AFL-CIO President John Sweeney is not a man to make trouble for his friends. He has, according to his Capitol Hill pal, House Democratic Leader Dick Gephardt, "a kind, generous, sweet personality." So what is he doing out in Seattle, leading demonstrations against the World Trade Organization, an outfit revered by our trade-mad president? How come he's marching with people dressed up like turtles or carrying large paper whales? The answer is: He's trying to tell President Clinton that he has to come through on his pledge to "put a human face on the global economy."
Labor unions have spurned activism for several generations. Under George Meany and Lane Kirkland, the AFL-CIO supported U.S. foreign policy to the letter. They were militantly anti-communist, friends of the CIA. During the Vietnam War, union members in the construction trades beat up long-haired anti-war demonstrators. Now they're wearing ponytails themselves and shaking their fists at the World Trade Organization, which they think is on the side of the corporations, not the workers of the world.
The White House professes to be baffled by the rage of the usually mild-mannered John Sweeney. He was on the advisory commission of corporate and labor leaders that in October endorsed Clinton's free-trade initiatives before the WTO. Sweeney signed a letter with 34 chief executives. Several of the more militant unions, including the Teamsters and the United Auto Workers, complained furiously that Sweeney had failed to understand the ruinous effect of world trade on U.S. labor. The president's people think that Sweeney's present actions indicate a fight for political survival.
Not so, said Sweeney over the telephone from Seattle. It was the U.S. admission of China to the World Trade Organization that made him boil over. His scalding statement at the time bears repetition: "It is disgustingly hypocritical of the Clinton administration to pledge to put a human face on the global economy while prostrating itself in pursuit of a trade deal with a rogue nation." Sweeney obviously felt betrayed by the Nov. 15 announcement that China had been okayed for membership in the WTO. "They could have waited. Let it [China] come in after the new WTO rules were made."
"John went out on a limb for them with that letter of endorsement, and they sawed it off on him," says a Sweeney lieutenant.
Sweeney says labor demonstrations, 40,000 strong with brothers and sisters from 100 countries walking shoulder to shoulder, were entirely peaceful, devoted entirely to workers' rights, human rights and environmental protections. "All we were saying is that we want a seat at the table," he says. Environmentalists, who are glad to have so much company, are calling the new alliance the "green-blue coalition."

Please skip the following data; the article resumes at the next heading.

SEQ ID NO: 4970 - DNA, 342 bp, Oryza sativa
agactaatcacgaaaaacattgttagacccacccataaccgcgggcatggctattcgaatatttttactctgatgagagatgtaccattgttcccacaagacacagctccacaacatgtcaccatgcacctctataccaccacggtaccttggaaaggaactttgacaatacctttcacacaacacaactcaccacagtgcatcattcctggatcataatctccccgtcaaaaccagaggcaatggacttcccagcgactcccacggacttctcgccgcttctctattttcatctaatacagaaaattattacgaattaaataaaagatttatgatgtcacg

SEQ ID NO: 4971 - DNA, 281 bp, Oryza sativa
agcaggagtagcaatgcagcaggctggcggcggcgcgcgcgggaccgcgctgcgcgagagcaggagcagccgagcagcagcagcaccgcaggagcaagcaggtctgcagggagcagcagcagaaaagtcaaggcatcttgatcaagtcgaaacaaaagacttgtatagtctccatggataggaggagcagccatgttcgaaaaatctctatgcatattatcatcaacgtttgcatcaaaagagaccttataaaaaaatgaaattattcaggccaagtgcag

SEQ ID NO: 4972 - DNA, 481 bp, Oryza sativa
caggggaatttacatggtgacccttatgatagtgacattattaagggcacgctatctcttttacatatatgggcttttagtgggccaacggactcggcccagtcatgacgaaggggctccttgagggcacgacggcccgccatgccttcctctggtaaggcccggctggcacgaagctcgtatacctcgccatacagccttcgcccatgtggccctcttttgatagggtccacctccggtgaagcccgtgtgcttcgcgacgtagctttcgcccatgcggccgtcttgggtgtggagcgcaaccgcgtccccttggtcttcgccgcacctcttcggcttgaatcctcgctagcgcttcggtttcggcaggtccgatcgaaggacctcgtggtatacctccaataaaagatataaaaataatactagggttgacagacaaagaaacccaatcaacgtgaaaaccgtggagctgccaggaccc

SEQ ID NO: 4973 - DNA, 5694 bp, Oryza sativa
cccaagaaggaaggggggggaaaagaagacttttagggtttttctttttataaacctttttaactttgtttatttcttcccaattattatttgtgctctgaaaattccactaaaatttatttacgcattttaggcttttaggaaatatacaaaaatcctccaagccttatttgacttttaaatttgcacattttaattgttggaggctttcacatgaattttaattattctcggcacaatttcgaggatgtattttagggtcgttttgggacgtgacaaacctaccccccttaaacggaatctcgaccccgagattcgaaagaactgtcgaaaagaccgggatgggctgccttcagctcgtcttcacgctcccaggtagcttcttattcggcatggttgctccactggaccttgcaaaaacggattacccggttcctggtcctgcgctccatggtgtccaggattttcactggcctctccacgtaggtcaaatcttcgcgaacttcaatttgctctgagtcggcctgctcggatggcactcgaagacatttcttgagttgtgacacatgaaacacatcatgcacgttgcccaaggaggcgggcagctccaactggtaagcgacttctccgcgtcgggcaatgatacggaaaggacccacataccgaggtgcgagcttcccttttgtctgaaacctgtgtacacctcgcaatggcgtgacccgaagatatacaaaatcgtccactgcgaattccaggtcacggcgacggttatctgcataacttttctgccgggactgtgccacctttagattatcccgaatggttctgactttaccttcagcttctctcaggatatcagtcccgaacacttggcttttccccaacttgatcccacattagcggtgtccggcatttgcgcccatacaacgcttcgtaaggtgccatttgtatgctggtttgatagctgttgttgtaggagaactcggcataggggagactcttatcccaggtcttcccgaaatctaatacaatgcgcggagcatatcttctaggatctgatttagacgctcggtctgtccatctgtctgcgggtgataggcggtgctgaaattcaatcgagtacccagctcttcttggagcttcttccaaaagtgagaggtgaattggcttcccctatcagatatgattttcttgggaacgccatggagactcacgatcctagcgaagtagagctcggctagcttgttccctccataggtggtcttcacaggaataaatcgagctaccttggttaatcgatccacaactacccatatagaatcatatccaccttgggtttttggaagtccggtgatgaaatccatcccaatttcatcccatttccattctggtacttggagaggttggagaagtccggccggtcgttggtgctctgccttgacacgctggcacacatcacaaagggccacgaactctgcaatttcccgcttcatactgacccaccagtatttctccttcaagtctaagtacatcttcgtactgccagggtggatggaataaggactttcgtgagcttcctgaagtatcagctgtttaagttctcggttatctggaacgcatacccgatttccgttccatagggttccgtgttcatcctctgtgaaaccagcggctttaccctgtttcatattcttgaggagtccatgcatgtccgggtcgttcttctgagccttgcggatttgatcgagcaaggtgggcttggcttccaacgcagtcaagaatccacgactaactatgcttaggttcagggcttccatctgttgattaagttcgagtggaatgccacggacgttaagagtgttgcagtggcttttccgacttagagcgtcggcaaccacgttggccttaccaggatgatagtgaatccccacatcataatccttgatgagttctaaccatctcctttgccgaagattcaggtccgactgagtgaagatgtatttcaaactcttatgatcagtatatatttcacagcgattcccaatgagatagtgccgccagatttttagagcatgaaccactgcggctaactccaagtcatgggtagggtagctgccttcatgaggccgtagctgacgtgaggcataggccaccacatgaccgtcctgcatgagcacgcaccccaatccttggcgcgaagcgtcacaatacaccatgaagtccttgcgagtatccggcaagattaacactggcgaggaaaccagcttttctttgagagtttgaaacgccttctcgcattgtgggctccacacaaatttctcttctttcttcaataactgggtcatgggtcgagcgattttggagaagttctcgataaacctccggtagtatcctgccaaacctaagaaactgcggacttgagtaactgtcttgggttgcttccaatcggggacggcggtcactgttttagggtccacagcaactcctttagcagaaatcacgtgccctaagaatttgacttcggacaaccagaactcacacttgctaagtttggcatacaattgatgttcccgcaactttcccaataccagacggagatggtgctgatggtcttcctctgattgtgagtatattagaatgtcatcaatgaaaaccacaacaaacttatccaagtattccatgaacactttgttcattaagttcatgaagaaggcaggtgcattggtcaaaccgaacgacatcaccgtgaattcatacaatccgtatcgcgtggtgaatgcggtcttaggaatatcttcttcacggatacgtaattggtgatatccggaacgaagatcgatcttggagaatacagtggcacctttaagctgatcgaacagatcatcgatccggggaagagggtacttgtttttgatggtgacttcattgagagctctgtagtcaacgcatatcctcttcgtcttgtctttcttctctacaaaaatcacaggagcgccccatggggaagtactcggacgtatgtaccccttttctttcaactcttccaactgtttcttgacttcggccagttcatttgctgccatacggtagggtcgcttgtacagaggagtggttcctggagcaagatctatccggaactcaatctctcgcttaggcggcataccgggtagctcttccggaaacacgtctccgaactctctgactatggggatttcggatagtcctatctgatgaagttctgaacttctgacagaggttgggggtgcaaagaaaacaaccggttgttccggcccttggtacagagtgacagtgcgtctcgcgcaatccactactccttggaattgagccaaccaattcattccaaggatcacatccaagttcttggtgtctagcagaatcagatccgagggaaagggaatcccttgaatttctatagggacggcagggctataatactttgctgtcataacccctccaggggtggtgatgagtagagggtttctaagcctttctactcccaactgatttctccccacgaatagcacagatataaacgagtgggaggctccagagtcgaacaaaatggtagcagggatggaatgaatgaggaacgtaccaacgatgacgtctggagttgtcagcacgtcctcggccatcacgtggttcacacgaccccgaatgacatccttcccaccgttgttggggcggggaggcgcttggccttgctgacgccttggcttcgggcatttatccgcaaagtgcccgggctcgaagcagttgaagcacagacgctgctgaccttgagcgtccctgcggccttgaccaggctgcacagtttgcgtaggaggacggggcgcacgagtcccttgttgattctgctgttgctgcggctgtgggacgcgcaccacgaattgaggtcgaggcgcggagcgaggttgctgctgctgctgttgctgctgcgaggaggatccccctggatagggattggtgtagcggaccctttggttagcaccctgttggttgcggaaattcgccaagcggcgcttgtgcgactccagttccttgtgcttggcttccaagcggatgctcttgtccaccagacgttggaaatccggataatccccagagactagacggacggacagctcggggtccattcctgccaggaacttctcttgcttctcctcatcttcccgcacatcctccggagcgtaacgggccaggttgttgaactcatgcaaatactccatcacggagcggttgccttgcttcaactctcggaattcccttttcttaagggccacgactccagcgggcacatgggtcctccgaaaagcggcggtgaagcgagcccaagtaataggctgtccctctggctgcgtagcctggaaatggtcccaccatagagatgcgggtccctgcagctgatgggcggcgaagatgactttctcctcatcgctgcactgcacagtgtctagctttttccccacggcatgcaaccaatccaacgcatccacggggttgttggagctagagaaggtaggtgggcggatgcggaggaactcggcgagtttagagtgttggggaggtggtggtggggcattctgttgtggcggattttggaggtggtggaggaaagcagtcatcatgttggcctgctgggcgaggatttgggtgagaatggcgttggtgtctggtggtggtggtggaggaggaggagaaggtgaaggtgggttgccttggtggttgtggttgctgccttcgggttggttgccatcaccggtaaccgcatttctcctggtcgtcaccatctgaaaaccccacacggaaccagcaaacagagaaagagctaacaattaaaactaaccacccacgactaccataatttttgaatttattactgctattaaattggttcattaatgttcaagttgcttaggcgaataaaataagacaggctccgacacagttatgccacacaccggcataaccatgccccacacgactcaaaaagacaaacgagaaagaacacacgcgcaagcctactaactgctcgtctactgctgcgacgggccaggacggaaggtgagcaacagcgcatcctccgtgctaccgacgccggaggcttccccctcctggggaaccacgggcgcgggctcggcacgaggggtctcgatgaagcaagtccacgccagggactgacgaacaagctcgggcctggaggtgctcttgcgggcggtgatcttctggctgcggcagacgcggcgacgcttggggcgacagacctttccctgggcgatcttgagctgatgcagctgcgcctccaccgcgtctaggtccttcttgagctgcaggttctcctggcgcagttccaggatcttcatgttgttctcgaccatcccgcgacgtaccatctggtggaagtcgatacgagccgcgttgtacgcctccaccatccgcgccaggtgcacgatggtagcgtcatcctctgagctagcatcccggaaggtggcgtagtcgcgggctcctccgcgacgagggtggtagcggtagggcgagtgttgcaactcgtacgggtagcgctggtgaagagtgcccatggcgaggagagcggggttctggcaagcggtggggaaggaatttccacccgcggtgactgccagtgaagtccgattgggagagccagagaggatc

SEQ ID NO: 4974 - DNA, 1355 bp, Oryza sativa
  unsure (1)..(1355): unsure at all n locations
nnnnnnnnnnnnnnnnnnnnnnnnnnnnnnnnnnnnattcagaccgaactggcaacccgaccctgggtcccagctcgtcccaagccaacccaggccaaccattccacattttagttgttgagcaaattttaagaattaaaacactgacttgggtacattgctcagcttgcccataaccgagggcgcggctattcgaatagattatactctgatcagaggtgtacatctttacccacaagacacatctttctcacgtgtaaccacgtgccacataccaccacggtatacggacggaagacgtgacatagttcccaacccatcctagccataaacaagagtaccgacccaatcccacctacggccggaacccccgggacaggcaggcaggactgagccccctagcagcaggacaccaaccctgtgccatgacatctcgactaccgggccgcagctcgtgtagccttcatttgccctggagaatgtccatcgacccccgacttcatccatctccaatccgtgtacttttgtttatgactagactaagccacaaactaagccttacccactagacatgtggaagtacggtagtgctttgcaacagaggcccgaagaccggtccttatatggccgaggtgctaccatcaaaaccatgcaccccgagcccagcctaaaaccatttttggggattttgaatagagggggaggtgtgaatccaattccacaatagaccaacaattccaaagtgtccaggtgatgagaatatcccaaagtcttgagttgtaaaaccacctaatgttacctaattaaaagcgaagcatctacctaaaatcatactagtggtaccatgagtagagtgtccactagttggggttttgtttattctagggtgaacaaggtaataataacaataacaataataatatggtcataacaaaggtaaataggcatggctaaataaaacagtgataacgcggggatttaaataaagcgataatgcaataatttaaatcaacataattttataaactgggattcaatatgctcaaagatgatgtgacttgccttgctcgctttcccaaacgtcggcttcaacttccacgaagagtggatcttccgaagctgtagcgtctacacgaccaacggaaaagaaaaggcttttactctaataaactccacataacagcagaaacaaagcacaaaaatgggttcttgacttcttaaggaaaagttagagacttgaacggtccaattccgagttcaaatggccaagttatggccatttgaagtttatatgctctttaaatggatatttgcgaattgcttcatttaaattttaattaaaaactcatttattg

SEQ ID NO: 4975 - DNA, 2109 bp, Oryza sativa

Among the hordes who brought the city to a state of emergency and necessitated the calling out of the National Guard for what was to have been a showcase ceremonial event were self-styled anarchists who smashed windows and slashed tires.
But Sweeney does not fear a backlash such as the one that set in during the Vietnam years, when Richard Nixon successfully encouraged voters to regard the demonstrations as worse than the war. Sweeney thinks that Seattle will stiffen voters' resolve to "make Dick Gephardt speaker of a Democratic House." A recent University of Maryland poll showed most people deplore global trade policies that turn a blind eye to sweatshops, child labor, prison labor and 70-cents-an-hour toil.
Apologists for labor point out that in World Trade Organization pacts, corporate concerns about intellectual property and patent rights are somehow always met, while worries about raw sewage in the middle of the street--a phenomenon in the Mexican border factory towns that sprung up in the wake of NAFTA--never make the agreements. So-called sidebar agreements, calling for tolerable working conditions and decent wages, are the wallflowers in the great global dance.
The stage is now set for a major battle in Congress over China's right to normal trade relations (formerly known as most favored nation status). Gephardt thinks it can be stopped in the House, where he has twice led successful fights against NAFTA fast-track agreements (the kind that cannot be amended by Congress).
Veteran Democratic Rep. David Obey says from Wisconsin that his constituents are expressing anger and apprehension about world trade. "They tell me about plants that have pulled out, they show me imports made from slave labor," he says.
"The trouble with the WTO is that guys in suits are making rules for guys in overalls."
Al Gore, who through Sweeney's efforts was endorsed by the AFL-CIO, is watching developments with anxiety. Unionists are not likely to vote Republican but they might not turn out on Election Day. They might be as mad as John Sweeney.